United States District Court, S.D. Illinois
MEMORANDUM AND ORDER
HERNDON, District Judge
March 28, 2016, Bill Conway (Petitioner) filed a petition
under 28 U.S.C. § 2254 in this Court, conceding the
filing was untimely. (Doc. 1). The Court dismissed it without
prejudice for failure to name the proper respondent and
appointed the Federal Public Defender to represent
Petitioner. (Doc. 4). Petitioner timely filed an Amended
Petition, asserting (1) his trial counsel was ineffective for
failing to investigate his mental condition and (2) his
guilty plea was not knowing or voluntary. (Doc. 16).
Respondent filed a Motion to Dismiss Petitioner's §
2254 as untimely, (Doc. 24), and Petitioner responded,
arguing he is entitled to equitable tolling, (Doc. 25). For
the following reasons, Respondent's Motion to Dismiss is
Facts and Procedural History
2004, Petitioner was indicted in the Circuit Court of Cook
County, Illinois on two counts of solicitation of murder, two
counts of solicitation of murder for hire, and one count of
attempted first-degree murder. In November 2004, a second
indictment charged Petitioner with three counts of
solicitation of murder, three counts of solicitation of
murder for hire, and three counts of attempted first-degree
murder. (Doc. 16, p. 1).
holding two competency hearings, the court found Petitioner
fit to stand trial. On May 8, 2007, Petitioner entered into a
negotiated plea of guilty and was convicted of three counts
of solicitation of murder for hire and one count of attempted
first-degree murder. The remaining counts were dismissed.
Petitioner received twenty-year sentences for each
solicitation count, to run concurrently, and a ten-year
sentence for the attempted murder count, to run consecutive
to the solicitation sentences. (Doc. 16, p. 2).
did not file a direct appeal, but filed a post-conviction
petition under Illinois' Post Conviction Hearing Act, 725
ILCS 5/122-2 (West 2008), on May 21, 2009. The Illinois State
Court dismissed the petition, and Petitioner appealed to the
Illinois Appellate Court, which affirmed the dismissal.
Petitioner did not appeal to the Supreme Court of Illinois.
Petitioner also filed unsuccessful post-conviction motions in
2014, including a Petition for Relief from a Void Judgment
and a House Bill Sentence Reduction Motion. (Doc. 16, pp.
2-5). Petitioner filed his § 2254 Petition pro
se in March 2016, (Doc. 1), and filed the instant
Amended Petition in July 2017, (Doc. 16).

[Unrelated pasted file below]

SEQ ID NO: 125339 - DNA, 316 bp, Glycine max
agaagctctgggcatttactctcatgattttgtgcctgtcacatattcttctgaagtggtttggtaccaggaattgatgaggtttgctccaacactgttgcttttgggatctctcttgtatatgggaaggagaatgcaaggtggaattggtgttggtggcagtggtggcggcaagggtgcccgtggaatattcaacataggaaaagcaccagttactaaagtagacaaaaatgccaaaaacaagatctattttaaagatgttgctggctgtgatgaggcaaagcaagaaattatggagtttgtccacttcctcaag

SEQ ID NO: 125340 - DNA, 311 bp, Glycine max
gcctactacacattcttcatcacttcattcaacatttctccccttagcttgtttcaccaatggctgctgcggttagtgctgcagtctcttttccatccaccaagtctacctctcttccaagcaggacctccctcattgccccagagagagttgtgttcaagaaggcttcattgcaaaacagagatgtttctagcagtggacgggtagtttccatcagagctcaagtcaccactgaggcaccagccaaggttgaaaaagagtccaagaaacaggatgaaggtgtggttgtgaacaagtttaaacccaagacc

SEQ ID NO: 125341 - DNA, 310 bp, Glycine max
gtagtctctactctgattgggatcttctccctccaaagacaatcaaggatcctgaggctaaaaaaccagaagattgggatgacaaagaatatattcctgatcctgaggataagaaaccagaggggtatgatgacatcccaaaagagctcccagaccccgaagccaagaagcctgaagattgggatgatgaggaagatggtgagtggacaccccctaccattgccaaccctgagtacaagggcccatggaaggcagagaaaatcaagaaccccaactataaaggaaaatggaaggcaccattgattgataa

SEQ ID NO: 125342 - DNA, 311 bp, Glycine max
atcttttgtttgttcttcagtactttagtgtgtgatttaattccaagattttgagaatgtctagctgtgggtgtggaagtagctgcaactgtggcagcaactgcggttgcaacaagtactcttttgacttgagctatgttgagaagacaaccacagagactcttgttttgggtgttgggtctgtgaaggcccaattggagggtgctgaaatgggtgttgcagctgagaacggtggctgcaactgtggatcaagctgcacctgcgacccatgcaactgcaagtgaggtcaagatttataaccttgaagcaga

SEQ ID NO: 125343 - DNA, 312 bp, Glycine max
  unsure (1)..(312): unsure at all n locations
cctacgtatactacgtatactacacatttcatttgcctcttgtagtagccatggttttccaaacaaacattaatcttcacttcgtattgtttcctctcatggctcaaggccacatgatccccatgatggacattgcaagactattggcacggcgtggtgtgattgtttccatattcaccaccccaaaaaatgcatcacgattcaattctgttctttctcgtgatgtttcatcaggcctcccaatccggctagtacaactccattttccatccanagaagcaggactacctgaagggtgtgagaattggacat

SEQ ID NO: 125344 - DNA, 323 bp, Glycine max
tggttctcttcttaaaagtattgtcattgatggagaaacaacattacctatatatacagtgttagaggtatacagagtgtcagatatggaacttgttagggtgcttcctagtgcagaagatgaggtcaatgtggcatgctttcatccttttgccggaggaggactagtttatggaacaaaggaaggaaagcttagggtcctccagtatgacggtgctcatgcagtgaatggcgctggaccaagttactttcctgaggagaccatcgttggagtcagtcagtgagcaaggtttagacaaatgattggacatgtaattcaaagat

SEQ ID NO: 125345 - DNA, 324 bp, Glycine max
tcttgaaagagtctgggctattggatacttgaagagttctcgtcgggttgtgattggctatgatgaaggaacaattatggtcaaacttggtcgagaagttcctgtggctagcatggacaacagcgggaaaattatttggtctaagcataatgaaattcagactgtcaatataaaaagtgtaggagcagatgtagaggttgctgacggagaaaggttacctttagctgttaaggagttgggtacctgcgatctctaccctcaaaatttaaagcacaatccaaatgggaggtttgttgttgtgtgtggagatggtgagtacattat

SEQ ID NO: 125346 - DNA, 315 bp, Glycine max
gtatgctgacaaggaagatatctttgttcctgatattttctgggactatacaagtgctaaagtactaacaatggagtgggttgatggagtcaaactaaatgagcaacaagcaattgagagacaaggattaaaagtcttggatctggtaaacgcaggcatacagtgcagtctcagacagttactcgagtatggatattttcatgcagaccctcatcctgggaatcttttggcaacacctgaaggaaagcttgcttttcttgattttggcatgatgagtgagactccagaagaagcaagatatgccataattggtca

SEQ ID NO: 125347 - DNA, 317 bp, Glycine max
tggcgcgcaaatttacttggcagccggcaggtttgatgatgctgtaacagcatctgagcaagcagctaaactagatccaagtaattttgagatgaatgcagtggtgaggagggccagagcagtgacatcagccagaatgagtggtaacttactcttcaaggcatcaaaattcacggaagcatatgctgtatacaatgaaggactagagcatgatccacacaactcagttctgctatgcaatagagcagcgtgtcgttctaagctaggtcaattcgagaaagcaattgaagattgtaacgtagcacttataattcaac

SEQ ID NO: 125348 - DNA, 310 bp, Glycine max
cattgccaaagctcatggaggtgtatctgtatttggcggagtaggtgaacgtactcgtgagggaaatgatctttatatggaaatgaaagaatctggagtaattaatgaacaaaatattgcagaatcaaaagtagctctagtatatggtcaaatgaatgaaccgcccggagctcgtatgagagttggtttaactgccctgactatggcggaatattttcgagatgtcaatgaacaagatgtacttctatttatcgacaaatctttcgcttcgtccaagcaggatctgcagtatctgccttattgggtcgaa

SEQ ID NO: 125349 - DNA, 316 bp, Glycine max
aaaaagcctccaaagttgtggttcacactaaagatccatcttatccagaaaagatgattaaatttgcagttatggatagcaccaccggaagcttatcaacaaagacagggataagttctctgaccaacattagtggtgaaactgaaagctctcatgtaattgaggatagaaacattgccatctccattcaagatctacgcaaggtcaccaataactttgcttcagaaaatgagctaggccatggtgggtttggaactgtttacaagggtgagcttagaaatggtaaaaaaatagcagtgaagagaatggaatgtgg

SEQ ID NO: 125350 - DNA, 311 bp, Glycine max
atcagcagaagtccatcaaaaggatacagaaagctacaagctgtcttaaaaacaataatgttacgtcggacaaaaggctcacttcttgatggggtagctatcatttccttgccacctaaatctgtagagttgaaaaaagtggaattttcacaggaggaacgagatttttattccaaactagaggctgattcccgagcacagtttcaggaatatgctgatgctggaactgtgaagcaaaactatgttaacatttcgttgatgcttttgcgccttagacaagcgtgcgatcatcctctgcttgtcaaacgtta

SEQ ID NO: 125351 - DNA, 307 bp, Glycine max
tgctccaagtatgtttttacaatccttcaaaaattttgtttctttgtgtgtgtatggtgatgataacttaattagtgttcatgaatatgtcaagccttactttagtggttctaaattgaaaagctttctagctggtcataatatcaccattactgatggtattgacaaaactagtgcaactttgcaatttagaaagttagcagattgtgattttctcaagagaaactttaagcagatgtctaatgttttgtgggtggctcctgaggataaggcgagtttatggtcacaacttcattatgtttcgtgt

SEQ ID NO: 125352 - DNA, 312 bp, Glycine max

U.S.C. § 2254 permits persons in custody pursuant to a
state court judgment to bring a petition for a writ of habeas
corpus “on the ground that he is in custody in
violation of the Constitution or laws or treaties of the
United States.” 28 U.S.C. § 2254(a). A petitioner
must file a § 2254 within one year from the latest of -
(A) the date on which the judgment became final by the
conclusion of direct review or the expiration of the time for
seeking such review;
(B) the date on which the impediment to filing an application
created by State action in violation of the Constitution or
laws of the United States is removed, if the applicant was
prevented from filing by such State action;
(C) the date on which the constitutional right asserted was
initially recognized by the Supreme Court, if the right has
been newly recognized by the Supreme Court and made
retroactively applicable to cases on collateral review; or
(D) the date on which the factual predicate of the claim or
claims presented could have been discovered through the
exercise of due diligence.
28 U.S.C. § 2244.
asserts that (A) is the only applicable subsection to
Petitioner's claim. Petitioner entered his guilty plea
and was sentenced on May 8, 2007, and had thirty days to file
a direct appeal. Il. Sup. Ct. R. 604(d). His conviction
became final on June 7, 2007, which is the last date he could
have appealed his sentence or moved to withdraw his guilty
plea. Gonzalez v. Thaler, 565 U.S. 134, 150 (2012)
(A judgment becomes final for purposes of § 2244 at the
expiration of the time for seeking direct review in state
court.). Therefore, the limitations period for filing a
§ 2254 Petition expired one year later on June 7, 2008.
suggests, on the other hand, that (D) may also be applicable,
(Doc. 16, p. 30), but admits the argument “is not
central to or necessary for Petitioner's assertion of
cause or equitable tolling, ” He admits that the
petition was late even if (D) applied. (Doc. 25, p. 4). Thus,
the Court will adopt the limitations period Respondent sets
ultimately concedes his § 2254 is untimely, (Doc. 16,
pp. 14, 30), but asserts he is entitled to equitable tolling
because his mental limitations prevented him from
understanding and acting upon his legal rights.
Mental Health Records
attests he is illiterate, he could not afford to pay anyone
to assist in filing his claim, the prison library was not
helpful, and his medications for mental and emotional
problems hindered his ability to timely file. (Doc. 16, Ex.
6). Petitioner's medical records include diagnoses of
depressive disorder, schizoaffective disorder,  adjustment
disorder,  and borderline intellectual